lavender can have a camphorous odour in some species). It's used a lot in the food industry to flavour sweets and cough products, and it's used in embalming, fireworks, and rust prevention. Solid camphor balls are used as a moth repellant.
In cosmetics, it's considered a plasticizer - it's used in nail polish to allow it to dry well but remain flexible - and it's added to topical pain relieving products as it is a vasodilatory substance (meaning it "refers to the widening of blood vessels"), and it offers that sensation of cooling we've been reading about with menthol and 1,8-cineole. It's often found in combination with peppermint/menthol and eucalyptus in cold treatment products, but it is not considered a cough suppressant.
Please note: There is camphor (the ketone) and camphor (the essential oil). The information above is about the ketone found in essential oils. I'll put the words "essential oil" after camphor when I'm talking about that.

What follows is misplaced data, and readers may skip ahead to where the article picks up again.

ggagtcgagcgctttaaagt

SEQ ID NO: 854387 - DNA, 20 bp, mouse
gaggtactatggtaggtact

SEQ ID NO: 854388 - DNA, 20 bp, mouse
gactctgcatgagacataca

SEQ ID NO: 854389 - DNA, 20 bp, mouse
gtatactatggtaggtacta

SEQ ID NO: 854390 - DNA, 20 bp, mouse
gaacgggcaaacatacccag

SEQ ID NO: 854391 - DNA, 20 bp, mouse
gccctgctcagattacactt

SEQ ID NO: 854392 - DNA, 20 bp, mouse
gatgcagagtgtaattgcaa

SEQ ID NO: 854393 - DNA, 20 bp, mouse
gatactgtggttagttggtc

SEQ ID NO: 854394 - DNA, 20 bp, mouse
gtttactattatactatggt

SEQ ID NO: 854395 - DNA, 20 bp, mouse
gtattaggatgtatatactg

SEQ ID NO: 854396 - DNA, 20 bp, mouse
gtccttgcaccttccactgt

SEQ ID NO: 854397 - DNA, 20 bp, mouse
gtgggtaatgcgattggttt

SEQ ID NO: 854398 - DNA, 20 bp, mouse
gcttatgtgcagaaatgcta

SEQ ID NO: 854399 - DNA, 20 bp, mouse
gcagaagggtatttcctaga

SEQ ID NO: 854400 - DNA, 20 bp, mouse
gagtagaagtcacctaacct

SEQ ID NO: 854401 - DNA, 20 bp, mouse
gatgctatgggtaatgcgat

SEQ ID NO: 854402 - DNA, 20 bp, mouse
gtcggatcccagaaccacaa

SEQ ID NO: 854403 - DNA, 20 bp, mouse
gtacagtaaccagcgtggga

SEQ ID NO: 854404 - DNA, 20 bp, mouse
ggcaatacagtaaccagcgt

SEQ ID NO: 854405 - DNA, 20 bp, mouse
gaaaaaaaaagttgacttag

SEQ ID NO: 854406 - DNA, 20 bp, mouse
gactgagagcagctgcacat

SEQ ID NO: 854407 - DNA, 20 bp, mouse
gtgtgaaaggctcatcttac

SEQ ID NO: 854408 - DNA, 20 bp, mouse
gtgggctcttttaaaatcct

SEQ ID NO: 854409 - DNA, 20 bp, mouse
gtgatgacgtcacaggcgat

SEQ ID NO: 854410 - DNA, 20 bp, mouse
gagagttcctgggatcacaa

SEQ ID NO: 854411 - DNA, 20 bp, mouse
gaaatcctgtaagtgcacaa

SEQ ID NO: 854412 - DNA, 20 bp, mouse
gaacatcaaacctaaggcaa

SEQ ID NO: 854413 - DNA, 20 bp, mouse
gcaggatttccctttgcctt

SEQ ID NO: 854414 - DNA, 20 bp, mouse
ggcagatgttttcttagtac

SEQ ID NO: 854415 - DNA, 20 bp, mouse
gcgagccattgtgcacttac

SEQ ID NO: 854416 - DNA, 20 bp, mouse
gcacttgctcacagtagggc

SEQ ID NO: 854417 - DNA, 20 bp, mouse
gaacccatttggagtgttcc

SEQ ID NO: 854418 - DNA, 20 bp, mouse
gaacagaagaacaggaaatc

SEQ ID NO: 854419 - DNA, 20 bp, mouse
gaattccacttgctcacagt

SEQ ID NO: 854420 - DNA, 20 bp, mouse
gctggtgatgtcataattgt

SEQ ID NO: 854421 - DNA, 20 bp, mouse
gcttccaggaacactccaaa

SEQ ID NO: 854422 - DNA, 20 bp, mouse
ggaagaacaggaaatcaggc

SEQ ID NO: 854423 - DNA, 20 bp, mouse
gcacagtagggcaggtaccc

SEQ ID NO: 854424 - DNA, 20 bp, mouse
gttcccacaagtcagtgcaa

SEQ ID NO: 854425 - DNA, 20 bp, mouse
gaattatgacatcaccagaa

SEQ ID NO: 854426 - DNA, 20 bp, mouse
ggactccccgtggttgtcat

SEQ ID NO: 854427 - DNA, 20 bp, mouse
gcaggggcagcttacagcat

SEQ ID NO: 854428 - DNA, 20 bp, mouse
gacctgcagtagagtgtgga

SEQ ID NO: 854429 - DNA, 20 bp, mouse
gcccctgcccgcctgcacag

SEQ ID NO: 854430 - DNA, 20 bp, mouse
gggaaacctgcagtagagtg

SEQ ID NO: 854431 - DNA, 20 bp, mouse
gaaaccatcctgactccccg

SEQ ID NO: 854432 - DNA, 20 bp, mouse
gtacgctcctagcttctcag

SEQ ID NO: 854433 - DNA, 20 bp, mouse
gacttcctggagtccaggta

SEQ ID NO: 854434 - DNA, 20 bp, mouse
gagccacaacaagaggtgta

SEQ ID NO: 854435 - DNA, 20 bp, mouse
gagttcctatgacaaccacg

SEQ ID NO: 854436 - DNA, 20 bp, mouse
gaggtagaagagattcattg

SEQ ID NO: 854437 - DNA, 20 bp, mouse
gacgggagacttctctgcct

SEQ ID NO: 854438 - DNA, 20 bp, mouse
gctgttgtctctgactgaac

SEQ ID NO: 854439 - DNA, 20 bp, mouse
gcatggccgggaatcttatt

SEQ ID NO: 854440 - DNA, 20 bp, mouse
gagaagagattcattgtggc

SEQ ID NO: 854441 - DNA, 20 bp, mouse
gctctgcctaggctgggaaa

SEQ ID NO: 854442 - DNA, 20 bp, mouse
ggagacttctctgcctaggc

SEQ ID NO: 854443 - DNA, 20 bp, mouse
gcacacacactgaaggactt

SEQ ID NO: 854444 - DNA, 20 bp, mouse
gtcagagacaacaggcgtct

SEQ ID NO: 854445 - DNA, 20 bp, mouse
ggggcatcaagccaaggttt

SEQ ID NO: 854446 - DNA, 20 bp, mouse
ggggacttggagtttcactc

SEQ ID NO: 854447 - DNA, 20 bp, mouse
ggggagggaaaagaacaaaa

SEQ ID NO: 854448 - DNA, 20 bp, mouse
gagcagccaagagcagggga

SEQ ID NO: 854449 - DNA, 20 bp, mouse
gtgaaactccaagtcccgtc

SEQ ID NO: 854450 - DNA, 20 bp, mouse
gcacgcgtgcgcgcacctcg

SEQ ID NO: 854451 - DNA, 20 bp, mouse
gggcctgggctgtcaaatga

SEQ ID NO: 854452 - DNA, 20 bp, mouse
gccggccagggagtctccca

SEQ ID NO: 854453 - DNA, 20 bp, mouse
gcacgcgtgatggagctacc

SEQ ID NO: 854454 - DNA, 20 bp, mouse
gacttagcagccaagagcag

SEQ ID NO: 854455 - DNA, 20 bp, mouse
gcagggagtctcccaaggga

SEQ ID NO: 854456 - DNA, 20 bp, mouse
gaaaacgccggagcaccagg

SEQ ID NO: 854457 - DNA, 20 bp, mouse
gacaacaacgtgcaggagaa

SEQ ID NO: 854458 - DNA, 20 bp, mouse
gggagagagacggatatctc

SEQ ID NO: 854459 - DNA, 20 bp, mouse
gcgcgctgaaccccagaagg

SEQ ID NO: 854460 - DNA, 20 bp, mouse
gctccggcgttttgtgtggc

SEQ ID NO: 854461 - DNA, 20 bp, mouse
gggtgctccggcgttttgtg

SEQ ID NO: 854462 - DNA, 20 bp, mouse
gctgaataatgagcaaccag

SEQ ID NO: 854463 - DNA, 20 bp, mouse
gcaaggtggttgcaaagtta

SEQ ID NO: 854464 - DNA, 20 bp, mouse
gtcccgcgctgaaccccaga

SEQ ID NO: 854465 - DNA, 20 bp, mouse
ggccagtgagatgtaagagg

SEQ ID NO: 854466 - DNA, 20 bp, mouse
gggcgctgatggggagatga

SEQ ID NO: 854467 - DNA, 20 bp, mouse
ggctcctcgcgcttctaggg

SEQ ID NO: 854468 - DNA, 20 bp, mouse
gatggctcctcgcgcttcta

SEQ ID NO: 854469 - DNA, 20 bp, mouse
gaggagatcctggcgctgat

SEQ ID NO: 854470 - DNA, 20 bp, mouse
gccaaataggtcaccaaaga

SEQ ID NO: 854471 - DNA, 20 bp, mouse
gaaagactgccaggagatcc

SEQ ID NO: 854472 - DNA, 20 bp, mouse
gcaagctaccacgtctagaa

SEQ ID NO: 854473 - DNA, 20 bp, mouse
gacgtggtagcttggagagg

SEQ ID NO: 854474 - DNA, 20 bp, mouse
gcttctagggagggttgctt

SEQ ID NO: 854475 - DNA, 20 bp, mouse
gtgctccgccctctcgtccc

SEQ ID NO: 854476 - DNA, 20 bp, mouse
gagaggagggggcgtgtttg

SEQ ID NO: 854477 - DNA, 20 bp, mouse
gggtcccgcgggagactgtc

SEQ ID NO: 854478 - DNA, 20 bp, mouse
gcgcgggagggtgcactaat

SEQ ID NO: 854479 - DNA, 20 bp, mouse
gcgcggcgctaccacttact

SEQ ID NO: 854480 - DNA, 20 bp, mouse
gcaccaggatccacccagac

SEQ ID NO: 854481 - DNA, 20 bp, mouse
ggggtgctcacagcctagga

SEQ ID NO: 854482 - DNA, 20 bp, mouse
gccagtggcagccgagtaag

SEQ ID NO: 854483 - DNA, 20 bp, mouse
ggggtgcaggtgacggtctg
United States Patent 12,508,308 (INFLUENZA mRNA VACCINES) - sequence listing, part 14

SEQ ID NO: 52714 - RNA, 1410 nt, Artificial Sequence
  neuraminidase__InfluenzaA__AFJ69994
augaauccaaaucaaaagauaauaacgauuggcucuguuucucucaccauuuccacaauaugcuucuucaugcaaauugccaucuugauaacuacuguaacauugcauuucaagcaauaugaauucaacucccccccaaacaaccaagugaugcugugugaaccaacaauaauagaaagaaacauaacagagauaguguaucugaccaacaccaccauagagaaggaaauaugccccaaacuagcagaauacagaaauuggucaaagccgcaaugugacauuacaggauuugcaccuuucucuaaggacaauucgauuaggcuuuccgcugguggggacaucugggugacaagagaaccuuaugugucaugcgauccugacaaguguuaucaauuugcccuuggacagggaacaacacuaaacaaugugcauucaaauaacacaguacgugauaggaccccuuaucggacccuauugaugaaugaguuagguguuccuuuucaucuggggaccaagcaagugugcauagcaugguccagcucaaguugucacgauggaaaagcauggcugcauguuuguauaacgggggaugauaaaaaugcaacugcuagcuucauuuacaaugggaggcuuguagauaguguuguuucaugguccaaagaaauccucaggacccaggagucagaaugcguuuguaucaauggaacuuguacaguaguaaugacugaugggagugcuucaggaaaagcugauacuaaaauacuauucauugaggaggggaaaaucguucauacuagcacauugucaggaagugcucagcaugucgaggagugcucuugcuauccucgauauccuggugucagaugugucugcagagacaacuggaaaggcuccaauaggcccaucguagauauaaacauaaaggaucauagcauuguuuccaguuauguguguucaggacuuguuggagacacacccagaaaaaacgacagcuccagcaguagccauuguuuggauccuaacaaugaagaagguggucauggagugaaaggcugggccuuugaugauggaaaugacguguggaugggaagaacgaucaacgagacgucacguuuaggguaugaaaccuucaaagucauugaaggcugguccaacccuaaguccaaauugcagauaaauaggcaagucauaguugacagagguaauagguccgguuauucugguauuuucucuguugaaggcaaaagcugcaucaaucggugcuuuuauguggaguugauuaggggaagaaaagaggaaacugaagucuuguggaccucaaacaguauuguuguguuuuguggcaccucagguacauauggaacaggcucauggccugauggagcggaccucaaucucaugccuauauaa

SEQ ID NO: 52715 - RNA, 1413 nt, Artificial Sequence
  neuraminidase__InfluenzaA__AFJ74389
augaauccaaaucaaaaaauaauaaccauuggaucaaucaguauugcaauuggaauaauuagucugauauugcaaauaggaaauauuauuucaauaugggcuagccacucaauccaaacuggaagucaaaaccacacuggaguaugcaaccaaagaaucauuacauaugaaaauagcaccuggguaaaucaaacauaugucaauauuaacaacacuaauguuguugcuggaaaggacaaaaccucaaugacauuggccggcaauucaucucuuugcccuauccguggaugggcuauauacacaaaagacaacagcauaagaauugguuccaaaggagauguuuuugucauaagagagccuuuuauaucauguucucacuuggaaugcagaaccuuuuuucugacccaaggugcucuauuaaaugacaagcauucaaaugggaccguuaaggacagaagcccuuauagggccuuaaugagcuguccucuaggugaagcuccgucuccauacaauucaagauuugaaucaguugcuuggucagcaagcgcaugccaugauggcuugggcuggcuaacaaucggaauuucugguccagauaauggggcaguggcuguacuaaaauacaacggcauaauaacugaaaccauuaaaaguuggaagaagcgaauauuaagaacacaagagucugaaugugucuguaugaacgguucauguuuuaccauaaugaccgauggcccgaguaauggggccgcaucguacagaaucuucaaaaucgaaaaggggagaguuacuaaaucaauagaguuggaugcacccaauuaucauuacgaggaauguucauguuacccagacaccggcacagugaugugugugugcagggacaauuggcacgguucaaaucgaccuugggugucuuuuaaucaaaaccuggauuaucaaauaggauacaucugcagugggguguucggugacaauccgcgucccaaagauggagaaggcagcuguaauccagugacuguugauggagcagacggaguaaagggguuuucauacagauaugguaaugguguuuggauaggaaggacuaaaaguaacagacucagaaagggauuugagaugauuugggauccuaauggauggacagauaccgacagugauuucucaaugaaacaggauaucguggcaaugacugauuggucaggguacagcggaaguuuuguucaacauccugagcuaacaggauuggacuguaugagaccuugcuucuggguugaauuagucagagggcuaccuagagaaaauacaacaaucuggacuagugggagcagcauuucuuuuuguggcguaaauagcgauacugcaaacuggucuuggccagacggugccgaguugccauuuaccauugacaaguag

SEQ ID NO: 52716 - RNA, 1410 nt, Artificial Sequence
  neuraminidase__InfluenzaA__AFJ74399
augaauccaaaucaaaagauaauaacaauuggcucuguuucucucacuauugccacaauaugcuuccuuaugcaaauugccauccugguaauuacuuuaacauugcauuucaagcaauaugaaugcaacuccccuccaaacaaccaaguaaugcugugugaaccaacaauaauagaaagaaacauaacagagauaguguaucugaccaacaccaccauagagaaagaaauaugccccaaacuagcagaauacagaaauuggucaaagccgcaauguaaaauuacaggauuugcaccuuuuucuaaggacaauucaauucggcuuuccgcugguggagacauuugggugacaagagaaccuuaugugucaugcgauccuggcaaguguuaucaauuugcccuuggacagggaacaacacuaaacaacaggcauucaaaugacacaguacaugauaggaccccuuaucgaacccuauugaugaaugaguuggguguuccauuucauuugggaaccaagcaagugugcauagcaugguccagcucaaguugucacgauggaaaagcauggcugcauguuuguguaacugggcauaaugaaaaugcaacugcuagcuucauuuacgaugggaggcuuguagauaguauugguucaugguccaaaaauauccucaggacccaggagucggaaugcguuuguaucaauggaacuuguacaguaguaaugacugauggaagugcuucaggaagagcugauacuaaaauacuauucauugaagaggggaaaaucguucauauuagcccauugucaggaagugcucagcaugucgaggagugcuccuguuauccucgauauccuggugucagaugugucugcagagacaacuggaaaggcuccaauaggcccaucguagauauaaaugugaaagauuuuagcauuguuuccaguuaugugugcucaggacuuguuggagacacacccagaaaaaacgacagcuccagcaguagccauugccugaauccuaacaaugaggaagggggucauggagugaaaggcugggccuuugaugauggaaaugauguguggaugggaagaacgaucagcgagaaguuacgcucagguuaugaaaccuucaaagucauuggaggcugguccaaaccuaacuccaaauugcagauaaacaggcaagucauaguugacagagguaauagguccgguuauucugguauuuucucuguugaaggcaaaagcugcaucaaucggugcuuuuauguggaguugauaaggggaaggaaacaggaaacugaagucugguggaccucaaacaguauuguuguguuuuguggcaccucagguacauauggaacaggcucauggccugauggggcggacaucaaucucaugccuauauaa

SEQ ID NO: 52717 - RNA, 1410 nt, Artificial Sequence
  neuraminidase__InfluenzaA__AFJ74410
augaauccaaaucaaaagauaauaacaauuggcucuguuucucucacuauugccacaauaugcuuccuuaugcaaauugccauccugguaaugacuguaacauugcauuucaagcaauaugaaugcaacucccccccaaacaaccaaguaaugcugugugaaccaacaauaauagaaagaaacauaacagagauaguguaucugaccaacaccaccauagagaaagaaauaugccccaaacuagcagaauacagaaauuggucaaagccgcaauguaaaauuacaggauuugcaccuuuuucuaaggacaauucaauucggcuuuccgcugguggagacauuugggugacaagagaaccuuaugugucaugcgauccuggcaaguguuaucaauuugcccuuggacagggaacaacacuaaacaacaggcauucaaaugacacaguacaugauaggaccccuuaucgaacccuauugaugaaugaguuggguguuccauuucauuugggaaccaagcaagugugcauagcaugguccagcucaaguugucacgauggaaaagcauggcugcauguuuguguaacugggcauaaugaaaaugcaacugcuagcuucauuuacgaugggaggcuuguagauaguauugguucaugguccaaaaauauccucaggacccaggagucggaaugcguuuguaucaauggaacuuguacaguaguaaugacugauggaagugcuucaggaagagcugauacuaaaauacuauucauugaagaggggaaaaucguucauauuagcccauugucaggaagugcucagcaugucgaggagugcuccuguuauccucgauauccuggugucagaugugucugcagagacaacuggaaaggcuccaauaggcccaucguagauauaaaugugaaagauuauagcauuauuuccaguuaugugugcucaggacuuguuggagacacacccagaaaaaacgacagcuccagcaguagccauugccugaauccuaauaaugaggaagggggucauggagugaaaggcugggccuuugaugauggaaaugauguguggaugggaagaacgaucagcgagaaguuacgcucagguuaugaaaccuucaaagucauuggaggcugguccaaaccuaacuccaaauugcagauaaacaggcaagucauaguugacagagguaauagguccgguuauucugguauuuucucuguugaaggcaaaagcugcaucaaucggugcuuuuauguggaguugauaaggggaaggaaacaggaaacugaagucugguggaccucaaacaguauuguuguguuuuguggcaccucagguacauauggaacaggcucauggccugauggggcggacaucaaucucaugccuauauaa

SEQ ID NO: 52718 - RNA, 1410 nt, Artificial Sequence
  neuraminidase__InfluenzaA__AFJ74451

Camphor is found in all manner of plants, including lavender, sage, Mexican oregon, rosemary, sweet basil, and cinnamon, to name a few.
Be careful with this essential oil! The FDA allows it at a maximum of 11% because it is poisonous. For a child, eating 2 grams could be toxic and 4 grams could be fatal! (Reference: Wikipedia, Medscape news.)
As an aside, I am so sick and tired of people telling me that propylene glycol is bad for you because it can be found anti-freeze. Being in anti-freeze doesn't make something toxic! Do you think you should avoid camphor because it's used to make dead people look nice before the funeral, repel moths, make things explode? No. Don't make something bad by association. (Although having said that, the glycols are in anti-freeze because it lowers the freezing temperature of water, which is a good thing!) Upon further thought, though, this argument isn't a great one because camphor is, in fact, toxic at relatively low doses...
Join me tomorrow for more fun with camphor - this time, the essential oil!